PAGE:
A report by a non-profit, non-partisan public policy research organization indicates Delaware has the 10th highest per-capita debt in the nation.State Budget Solutions' third annual State Debt Report shows that The First State has $14.5 billion in debt, or about $16,012 for every man, woman and child in the state.
Alaska ($31,141), New Jersey ($29,252) and Hawaii ($29,062) took the top three spots.
Overall, state governments face a formidable collective debt load of more than $4 trillion, or about $13,425 per American citizen or $37,486 for every private sector worker in the nation.
The report notes that private sector workers are at increased risk "as they are the ultimate tax base for reducing state debt."
The report also has something to say for those who try to explain Delaware's Top Ten ranking as a function of population: "Small population is not necessarily an indicator of the size of debt per capita or private sector employee. Nebraska, Idaho, South Dakota, North Dakota, Arkansas, Utah, Vermont, and Kansas are all states within the bottom twenty of both state debt per capita and per private sector employee. Each is also among the twenty lowest populated states
Delaware State House Minority Leader Greg Lavelle, R-Sharpley, noted that the recent growth of state spending is unsustainable without higher taxes or more borrowing. "Delaware's current operating budget is nearly a half-billion dollars higher than it was just three years ago (FY 2010)," he said. "That's an increase of more than 16-percent."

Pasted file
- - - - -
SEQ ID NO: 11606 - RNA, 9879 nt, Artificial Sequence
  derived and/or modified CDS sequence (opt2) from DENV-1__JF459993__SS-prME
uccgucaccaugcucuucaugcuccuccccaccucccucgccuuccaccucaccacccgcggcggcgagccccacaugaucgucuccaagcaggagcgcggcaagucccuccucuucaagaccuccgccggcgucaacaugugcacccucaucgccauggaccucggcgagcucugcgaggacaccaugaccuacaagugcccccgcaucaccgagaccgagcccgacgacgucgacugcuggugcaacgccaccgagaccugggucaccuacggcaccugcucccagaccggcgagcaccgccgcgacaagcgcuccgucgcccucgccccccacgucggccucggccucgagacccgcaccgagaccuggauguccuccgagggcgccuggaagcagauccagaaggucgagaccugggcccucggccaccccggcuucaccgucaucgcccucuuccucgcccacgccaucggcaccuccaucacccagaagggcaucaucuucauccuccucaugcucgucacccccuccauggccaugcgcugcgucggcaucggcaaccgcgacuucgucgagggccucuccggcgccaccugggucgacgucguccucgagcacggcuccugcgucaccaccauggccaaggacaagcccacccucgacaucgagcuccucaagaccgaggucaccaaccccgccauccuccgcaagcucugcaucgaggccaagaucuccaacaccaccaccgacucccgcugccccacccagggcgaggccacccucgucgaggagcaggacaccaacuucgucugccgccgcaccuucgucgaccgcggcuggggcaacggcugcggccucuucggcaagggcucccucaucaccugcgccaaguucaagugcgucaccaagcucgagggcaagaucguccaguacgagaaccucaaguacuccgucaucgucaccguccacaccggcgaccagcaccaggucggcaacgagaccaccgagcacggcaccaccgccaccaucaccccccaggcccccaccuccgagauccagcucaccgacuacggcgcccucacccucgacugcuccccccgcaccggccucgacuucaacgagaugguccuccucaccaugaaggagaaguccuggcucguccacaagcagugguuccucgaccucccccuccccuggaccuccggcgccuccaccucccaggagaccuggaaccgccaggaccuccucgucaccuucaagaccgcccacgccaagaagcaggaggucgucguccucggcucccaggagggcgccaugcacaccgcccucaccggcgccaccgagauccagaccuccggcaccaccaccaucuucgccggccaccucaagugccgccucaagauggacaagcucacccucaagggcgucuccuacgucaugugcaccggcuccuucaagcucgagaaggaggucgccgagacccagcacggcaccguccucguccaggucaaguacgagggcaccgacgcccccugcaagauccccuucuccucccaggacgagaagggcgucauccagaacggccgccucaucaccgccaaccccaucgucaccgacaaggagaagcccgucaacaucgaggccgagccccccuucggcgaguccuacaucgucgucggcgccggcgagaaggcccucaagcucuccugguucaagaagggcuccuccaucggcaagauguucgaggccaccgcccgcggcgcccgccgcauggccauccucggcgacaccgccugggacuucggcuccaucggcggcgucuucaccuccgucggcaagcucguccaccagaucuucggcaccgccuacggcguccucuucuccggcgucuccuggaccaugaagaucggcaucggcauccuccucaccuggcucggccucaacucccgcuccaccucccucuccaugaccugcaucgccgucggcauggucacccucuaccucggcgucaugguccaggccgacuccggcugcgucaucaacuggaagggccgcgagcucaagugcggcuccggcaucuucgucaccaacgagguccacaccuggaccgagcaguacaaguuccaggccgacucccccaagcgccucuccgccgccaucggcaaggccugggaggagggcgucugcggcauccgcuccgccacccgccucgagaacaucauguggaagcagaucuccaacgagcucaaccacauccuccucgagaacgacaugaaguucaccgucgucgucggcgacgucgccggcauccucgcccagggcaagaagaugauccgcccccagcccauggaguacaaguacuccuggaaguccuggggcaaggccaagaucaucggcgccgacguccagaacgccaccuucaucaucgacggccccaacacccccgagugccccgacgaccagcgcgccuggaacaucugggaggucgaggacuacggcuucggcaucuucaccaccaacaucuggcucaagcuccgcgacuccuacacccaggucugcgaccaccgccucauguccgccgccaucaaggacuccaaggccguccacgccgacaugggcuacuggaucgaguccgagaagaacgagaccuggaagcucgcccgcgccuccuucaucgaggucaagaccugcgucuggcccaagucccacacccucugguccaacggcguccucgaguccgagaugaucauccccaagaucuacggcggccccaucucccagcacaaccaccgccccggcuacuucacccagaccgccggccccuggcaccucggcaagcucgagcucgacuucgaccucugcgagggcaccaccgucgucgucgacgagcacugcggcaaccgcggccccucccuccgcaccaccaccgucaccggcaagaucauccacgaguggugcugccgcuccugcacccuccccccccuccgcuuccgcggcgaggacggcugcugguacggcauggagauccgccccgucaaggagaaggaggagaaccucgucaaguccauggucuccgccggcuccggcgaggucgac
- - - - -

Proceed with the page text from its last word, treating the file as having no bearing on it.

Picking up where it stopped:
Legislation that Rep. Lavelle sponsored -- House Amendment 1 to Senate Bill 258 -- sought to require that 25-percent of the money Delaware collects from escheat (abandoned property including stock, bank accounts and other assets) be used solely for paying off the state's debt. The measure was defeated on a voice vote in the House in June.
From the Delaware House of Representatives Email/Newsletter.
For more on this go here;
It is a shame but Delmar Delaware is following the State and National example and borrowing more and more. I think at this time the town may be at it's highest debt since the original Waste Water Treatment Plant construction back in the 1980's.